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May 23, 2024   

The Winding Road to a Recovery Home

This Bulletin is brought to you by AHLA’s Behavioral Health Practice Group.
  • May 23, 2024
  • Kirti Vaidya Reddy , Quarles & Brady LLP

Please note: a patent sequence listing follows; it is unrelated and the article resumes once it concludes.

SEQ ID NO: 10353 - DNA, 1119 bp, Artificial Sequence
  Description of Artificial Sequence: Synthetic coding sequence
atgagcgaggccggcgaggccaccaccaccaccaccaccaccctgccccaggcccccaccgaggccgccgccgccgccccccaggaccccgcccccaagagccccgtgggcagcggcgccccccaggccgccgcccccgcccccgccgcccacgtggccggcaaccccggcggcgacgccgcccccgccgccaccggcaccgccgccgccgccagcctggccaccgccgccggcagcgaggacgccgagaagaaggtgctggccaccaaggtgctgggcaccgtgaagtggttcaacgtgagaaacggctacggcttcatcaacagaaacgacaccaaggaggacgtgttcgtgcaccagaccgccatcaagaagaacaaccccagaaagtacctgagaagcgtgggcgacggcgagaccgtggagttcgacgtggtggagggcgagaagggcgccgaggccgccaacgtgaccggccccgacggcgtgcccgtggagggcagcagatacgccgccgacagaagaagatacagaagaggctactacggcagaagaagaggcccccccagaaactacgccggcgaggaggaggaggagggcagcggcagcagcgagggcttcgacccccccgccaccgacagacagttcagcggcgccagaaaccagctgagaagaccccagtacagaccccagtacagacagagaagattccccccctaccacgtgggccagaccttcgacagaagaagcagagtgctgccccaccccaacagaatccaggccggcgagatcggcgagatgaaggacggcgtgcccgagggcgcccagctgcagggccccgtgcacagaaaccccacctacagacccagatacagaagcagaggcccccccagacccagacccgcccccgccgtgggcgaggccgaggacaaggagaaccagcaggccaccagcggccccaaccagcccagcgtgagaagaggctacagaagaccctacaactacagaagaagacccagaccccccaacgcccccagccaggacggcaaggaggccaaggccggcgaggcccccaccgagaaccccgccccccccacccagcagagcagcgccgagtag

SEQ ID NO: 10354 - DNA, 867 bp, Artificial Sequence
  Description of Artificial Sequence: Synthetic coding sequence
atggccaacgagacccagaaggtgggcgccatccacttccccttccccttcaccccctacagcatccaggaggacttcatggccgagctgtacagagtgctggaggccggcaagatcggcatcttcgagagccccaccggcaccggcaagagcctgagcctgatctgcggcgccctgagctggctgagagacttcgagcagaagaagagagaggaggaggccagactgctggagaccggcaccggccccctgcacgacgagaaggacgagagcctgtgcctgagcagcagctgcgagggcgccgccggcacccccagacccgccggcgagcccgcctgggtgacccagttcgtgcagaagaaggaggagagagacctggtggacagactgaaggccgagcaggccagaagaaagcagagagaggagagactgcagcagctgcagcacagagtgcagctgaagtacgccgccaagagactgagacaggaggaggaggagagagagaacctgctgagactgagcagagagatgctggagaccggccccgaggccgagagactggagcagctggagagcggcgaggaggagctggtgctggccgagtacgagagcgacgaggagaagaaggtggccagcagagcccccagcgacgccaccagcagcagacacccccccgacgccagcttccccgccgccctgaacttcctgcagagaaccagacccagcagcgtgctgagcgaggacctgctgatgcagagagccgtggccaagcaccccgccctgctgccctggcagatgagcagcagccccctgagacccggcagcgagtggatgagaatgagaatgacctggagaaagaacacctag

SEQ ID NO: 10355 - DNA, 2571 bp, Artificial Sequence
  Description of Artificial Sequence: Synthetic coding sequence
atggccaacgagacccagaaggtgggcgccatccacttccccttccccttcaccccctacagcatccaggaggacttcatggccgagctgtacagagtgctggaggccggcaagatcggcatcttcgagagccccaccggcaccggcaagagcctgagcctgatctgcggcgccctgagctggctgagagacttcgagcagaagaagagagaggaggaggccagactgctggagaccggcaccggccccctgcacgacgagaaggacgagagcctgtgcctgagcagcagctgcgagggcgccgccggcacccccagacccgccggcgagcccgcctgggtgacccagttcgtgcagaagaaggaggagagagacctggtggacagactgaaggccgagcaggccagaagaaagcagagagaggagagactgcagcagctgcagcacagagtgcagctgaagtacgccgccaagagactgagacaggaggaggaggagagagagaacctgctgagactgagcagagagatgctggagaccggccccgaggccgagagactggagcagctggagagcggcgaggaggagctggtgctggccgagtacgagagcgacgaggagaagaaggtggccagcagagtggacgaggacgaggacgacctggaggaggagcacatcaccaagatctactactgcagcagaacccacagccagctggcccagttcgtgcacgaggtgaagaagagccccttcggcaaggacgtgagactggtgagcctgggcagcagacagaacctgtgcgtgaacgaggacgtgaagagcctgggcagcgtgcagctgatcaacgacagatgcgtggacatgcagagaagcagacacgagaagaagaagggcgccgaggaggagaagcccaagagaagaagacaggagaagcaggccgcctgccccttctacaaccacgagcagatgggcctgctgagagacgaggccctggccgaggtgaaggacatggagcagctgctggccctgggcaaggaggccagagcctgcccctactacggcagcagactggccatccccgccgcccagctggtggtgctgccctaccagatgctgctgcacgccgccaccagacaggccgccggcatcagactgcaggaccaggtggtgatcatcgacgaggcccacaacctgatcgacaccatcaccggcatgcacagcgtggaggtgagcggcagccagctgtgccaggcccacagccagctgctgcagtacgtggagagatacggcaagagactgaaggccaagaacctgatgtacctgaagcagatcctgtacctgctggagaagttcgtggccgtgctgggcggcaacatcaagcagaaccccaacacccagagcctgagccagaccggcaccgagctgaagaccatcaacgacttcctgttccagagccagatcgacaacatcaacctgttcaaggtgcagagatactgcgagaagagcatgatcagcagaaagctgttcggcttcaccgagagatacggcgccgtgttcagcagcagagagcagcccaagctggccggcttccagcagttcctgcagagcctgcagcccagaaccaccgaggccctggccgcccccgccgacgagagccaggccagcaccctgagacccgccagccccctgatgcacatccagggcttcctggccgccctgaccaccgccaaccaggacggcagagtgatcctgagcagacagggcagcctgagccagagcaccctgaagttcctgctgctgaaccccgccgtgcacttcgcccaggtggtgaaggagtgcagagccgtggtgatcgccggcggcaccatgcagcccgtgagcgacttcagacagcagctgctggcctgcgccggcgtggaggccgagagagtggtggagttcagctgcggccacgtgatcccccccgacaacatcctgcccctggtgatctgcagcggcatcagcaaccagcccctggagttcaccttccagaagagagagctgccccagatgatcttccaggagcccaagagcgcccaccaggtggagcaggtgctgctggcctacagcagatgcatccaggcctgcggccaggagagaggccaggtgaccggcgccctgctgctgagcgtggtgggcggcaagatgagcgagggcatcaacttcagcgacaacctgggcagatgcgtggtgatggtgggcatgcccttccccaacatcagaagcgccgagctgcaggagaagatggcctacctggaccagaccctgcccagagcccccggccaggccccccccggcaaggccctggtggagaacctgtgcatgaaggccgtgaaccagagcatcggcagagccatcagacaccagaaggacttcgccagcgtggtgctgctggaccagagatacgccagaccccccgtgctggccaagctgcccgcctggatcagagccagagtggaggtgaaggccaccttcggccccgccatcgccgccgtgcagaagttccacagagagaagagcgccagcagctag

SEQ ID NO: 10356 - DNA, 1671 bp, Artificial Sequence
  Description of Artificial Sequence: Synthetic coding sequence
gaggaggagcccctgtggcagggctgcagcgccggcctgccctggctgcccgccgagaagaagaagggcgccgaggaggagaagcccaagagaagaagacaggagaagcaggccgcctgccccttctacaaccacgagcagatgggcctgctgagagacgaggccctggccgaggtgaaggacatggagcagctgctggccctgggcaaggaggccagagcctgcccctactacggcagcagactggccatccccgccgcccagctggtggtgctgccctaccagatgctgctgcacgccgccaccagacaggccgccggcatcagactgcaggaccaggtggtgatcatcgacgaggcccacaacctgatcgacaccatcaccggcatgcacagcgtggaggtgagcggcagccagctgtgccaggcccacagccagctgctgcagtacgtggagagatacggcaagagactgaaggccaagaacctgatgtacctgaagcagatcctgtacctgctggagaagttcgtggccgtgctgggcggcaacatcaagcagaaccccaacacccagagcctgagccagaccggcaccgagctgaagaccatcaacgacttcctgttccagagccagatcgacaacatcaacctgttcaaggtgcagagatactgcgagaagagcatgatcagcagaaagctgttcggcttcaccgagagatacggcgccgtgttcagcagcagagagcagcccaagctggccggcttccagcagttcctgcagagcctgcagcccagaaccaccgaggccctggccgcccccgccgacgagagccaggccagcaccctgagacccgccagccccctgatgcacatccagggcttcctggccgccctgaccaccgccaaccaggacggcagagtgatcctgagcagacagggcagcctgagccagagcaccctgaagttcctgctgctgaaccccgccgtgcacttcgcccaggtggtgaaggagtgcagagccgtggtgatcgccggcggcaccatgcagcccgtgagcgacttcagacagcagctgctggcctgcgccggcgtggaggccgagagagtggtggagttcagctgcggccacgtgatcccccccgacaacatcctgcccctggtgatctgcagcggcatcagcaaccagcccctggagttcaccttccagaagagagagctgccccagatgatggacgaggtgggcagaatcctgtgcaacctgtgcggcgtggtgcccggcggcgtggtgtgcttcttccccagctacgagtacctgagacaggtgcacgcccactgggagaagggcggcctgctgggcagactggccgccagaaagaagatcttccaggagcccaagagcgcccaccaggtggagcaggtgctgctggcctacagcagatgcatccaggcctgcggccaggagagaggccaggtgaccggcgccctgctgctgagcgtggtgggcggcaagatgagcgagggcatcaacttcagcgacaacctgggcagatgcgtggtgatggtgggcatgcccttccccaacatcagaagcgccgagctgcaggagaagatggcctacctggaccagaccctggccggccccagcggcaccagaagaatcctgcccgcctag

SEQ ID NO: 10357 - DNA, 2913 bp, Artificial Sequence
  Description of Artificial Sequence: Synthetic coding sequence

Without stable housing, recovery for substance use disorder is nearly impossible. “Recovery housing” (or more commonly referred to as a “sober home” or a “sober living residence”) is a broad term that describes a safe, supportive, and substance-free living environment, particularly for individuals transitioning from a formal treatment program to independent living. Recovery homes may have rules, curfews, or encourage therapy, but they also allow residents substantial independence. Studies have confirmed that such communal housing has significant positive effects such as decreased substance use, reduced likelihood of return to use, lower rates of incarceration, increased employment, and improved family relationships. However, insurance payers do not reimburse for a recovering behavioral health patient’s stay in a recovery home because it is not considered medically necessary for treatment, essentially ignoring a vital component in the recovery process. While recovery housing remains a non-reimbursable service, increased attention is being given to the issue following recent legislation—the Consolidated Appropriations Act, 2023—which requires that best practices for recovery housing be made publicly available and published on the Substance Abuse and Mental Health Services Administration’s (SAMHSA’s) website. The Act provides the industry with unified standards for recovery housing, and therefore, it is a significant step towards recovery housing becoming a reimbursable service by health care payers.


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